The International Monetary Fund has lowered its forecast for German growth this year, but predicted that Europe's biggest economy will experience a recovery in the second half of 2013.
"Amid still elevated euro area uncertainty, we now project GDP (gross domestic product) in Germany to expand at around 0.3 per cent in 2013," compared with a previous forecast of 0.6 per cent, the IMF said in a statement on Monday.
Growth this year was expected to be weak, the IMF said.
Nevertheless, a recovery in activity in Germany was expected in the second half of 2013.
But the IMF added that a more robust rebound was being held back by continued weakness in business investment.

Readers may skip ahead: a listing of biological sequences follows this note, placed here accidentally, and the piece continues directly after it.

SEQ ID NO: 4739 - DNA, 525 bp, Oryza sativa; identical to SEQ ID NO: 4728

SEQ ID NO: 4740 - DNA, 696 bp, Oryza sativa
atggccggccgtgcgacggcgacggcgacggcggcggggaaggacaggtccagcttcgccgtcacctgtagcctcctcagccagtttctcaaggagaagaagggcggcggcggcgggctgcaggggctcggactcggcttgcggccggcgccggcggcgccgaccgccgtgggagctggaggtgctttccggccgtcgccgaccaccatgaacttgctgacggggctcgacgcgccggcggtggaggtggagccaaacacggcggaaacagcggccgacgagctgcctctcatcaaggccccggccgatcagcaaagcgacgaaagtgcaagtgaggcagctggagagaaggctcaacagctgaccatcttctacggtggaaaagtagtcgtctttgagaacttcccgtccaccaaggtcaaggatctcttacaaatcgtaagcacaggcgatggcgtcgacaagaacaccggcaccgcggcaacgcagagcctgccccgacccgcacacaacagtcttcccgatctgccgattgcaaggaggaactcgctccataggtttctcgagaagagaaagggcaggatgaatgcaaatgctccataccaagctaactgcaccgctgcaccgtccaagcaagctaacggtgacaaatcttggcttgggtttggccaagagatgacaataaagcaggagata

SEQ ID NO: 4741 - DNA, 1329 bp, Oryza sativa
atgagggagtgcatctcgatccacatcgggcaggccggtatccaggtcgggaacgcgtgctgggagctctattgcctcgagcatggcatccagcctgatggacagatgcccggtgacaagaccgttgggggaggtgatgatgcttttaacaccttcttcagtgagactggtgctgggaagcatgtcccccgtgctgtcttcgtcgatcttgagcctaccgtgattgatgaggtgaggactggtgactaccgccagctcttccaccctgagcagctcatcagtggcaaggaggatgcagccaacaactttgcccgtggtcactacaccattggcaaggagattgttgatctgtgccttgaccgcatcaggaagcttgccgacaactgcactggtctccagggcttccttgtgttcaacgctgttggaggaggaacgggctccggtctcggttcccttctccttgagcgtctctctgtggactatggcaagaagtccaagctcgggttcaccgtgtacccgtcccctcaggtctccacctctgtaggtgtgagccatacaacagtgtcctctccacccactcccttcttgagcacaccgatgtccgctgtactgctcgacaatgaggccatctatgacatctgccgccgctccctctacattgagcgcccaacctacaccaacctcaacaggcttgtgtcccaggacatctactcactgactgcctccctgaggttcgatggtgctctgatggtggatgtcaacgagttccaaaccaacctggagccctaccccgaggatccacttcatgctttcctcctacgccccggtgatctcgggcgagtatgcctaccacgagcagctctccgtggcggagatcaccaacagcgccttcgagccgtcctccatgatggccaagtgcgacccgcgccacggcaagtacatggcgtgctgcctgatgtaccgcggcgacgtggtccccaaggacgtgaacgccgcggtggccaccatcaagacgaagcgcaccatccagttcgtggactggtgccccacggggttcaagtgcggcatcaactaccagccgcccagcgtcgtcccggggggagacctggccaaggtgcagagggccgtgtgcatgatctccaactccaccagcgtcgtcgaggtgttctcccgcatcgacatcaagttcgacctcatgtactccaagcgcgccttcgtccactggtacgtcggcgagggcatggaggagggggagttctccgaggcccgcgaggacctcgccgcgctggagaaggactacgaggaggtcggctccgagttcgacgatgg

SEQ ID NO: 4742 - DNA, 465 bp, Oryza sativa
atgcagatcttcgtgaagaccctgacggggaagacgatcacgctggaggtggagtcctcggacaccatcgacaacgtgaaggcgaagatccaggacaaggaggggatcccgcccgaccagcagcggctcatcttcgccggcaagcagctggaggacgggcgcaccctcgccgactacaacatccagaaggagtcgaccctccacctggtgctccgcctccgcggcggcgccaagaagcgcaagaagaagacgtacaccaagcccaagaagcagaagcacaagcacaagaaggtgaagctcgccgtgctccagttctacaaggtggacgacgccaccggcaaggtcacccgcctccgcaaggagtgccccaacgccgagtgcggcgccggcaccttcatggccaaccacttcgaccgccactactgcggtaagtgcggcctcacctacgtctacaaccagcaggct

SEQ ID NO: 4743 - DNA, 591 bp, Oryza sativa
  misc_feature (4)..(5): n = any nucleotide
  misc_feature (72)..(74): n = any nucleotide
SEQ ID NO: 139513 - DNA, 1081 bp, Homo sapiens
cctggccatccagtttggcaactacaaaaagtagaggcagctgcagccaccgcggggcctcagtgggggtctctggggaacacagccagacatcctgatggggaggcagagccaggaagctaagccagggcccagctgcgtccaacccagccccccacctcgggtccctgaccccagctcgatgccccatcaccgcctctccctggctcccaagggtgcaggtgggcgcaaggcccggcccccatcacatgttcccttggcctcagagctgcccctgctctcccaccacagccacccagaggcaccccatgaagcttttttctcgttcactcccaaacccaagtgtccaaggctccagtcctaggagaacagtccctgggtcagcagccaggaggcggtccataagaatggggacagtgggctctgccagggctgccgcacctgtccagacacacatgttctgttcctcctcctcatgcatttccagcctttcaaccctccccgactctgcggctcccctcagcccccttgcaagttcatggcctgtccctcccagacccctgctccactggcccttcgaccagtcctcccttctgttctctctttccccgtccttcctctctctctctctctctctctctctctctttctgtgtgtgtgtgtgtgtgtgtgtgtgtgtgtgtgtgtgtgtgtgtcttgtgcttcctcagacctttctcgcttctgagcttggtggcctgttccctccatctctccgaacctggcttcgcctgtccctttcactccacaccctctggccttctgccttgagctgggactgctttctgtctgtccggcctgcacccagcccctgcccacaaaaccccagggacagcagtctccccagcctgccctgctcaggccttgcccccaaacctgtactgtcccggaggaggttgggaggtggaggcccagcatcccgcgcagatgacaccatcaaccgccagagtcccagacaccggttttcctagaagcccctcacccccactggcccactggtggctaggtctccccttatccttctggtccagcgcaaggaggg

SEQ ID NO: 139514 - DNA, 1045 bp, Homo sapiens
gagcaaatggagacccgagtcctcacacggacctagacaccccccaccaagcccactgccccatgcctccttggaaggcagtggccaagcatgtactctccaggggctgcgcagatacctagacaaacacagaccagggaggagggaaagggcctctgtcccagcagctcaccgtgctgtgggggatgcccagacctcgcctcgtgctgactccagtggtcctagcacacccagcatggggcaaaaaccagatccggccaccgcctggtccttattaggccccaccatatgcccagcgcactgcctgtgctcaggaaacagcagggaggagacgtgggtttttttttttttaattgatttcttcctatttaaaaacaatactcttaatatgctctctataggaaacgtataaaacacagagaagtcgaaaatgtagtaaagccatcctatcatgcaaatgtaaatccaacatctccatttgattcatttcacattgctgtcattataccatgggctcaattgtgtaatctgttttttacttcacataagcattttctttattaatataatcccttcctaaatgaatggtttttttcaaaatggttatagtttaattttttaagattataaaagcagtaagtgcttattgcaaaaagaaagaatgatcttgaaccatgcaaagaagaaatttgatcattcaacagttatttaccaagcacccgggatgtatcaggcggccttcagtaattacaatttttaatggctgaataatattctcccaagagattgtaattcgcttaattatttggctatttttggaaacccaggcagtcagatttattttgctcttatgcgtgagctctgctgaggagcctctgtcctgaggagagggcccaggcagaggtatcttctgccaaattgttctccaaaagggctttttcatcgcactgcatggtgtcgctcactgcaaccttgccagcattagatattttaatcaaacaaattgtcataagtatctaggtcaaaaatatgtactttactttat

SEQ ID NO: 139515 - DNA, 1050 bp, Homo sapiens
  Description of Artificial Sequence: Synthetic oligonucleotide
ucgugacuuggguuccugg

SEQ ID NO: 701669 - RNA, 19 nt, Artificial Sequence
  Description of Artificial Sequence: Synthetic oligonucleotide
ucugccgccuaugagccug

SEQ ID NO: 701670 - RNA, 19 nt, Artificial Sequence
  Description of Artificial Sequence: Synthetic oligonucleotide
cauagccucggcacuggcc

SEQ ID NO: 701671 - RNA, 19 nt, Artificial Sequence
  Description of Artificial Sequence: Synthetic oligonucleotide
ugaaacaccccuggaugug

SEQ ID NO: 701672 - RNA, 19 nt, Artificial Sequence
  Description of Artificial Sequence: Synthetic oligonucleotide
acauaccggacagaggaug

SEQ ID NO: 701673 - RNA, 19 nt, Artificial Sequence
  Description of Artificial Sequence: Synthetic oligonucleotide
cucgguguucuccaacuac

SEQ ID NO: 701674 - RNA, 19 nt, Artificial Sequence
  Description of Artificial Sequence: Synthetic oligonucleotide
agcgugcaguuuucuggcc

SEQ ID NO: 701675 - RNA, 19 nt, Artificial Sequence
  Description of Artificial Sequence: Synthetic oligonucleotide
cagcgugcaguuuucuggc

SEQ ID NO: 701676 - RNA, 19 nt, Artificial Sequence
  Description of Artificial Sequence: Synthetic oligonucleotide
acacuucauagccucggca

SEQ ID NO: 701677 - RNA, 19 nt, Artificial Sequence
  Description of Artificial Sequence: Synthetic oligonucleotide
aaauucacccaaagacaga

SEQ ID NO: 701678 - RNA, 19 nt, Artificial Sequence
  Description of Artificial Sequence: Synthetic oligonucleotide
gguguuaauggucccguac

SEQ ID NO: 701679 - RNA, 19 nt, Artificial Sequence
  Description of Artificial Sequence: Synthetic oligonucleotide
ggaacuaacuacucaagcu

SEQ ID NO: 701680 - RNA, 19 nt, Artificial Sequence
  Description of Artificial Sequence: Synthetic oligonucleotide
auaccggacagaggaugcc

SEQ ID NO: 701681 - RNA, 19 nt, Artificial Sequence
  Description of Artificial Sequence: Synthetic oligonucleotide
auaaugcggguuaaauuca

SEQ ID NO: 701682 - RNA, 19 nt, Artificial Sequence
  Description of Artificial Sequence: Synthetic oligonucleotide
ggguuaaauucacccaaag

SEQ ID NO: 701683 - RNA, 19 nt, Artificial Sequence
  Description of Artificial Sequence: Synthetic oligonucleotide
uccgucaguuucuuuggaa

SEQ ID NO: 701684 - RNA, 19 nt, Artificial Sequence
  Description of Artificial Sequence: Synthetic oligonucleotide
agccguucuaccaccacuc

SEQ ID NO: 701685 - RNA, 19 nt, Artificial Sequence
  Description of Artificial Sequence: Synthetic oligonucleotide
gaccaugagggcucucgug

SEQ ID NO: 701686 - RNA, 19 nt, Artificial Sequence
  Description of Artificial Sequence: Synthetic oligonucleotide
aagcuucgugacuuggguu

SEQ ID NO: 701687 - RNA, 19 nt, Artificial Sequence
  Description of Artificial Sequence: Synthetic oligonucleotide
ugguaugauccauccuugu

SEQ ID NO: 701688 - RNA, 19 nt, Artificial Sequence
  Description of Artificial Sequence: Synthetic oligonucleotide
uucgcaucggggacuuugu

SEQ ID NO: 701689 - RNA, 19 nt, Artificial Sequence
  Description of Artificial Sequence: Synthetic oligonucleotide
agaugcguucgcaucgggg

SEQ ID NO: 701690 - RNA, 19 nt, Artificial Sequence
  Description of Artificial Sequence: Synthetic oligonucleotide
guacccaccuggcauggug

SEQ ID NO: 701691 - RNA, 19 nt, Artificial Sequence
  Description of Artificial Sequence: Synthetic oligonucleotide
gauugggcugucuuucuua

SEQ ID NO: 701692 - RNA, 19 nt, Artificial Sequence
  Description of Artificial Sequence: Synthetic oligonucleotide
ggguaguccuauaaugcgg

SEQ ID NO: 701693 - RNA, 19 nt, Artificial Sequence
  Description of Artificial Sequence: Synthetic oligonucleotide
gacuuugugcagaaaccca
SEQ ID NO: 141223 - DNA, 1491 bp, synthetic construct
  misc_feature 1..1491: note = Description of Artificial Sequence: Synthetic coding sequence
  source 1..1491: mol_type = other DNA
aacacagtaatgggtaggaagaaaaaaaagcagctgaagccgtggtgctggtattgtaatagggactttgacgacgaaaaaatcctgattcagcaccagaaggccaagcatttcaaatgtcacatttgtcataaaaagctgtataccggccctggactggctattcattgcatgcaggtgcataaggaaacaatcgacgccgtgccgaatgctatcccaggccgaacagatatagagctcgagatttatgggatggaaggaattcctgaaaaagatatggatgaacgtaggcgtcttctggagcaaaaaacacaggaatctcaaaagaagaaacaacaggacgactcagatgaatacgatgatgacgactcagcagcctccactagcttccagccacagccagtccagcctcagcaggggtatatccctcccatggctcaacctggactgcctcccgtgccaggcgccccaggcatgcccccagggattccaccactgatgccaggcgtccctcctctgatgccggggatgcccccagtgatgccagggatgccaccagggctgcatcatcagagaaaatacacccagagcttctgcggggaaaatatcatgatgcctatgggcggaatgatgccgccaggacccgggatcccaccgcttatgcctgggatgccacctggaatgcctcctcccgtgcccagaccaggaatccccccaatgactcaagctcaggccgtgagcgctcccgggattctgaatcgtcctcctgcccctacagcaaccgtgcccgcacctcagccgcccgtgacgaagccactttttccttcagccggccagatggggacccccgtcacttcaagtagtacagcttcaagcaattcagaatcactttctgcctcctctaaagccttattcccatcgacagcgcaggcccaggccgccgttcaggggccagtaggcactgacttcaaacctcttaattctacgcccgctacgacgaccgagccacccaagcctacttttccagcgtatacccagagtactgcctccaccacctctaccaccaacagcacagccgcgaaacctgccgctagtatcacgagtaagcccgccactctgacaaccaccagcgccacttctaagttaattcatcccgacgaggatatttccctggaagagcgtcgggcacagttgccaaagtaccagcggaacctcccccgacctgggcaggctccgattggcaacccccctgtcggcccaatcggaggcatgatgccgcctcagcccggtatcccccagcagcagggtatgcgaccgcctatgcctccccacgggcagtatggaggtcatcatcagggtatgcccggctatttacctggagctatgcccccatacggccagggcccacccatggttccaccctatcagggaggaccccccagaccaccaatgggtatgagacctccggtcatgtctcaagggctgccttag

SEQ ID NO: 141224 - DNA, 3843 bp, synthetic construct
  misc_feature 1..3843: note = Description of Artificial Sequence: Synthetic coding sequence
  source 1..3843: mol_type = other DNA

Consumption had been robust, domestic fundamentals remained strong and past reforms had paid off in low unemployment, but business investment had been declining since late 2011, it said.
Uncertainty about the prospects for the euro area in face of the ongoing recession had hit both exports and business investment.
A gradual pick-up in activity projected towards the end of the year was conditional on "a further and tangible reduction in this uncertainty" and the expected gradual recovery in the rest of the euro area.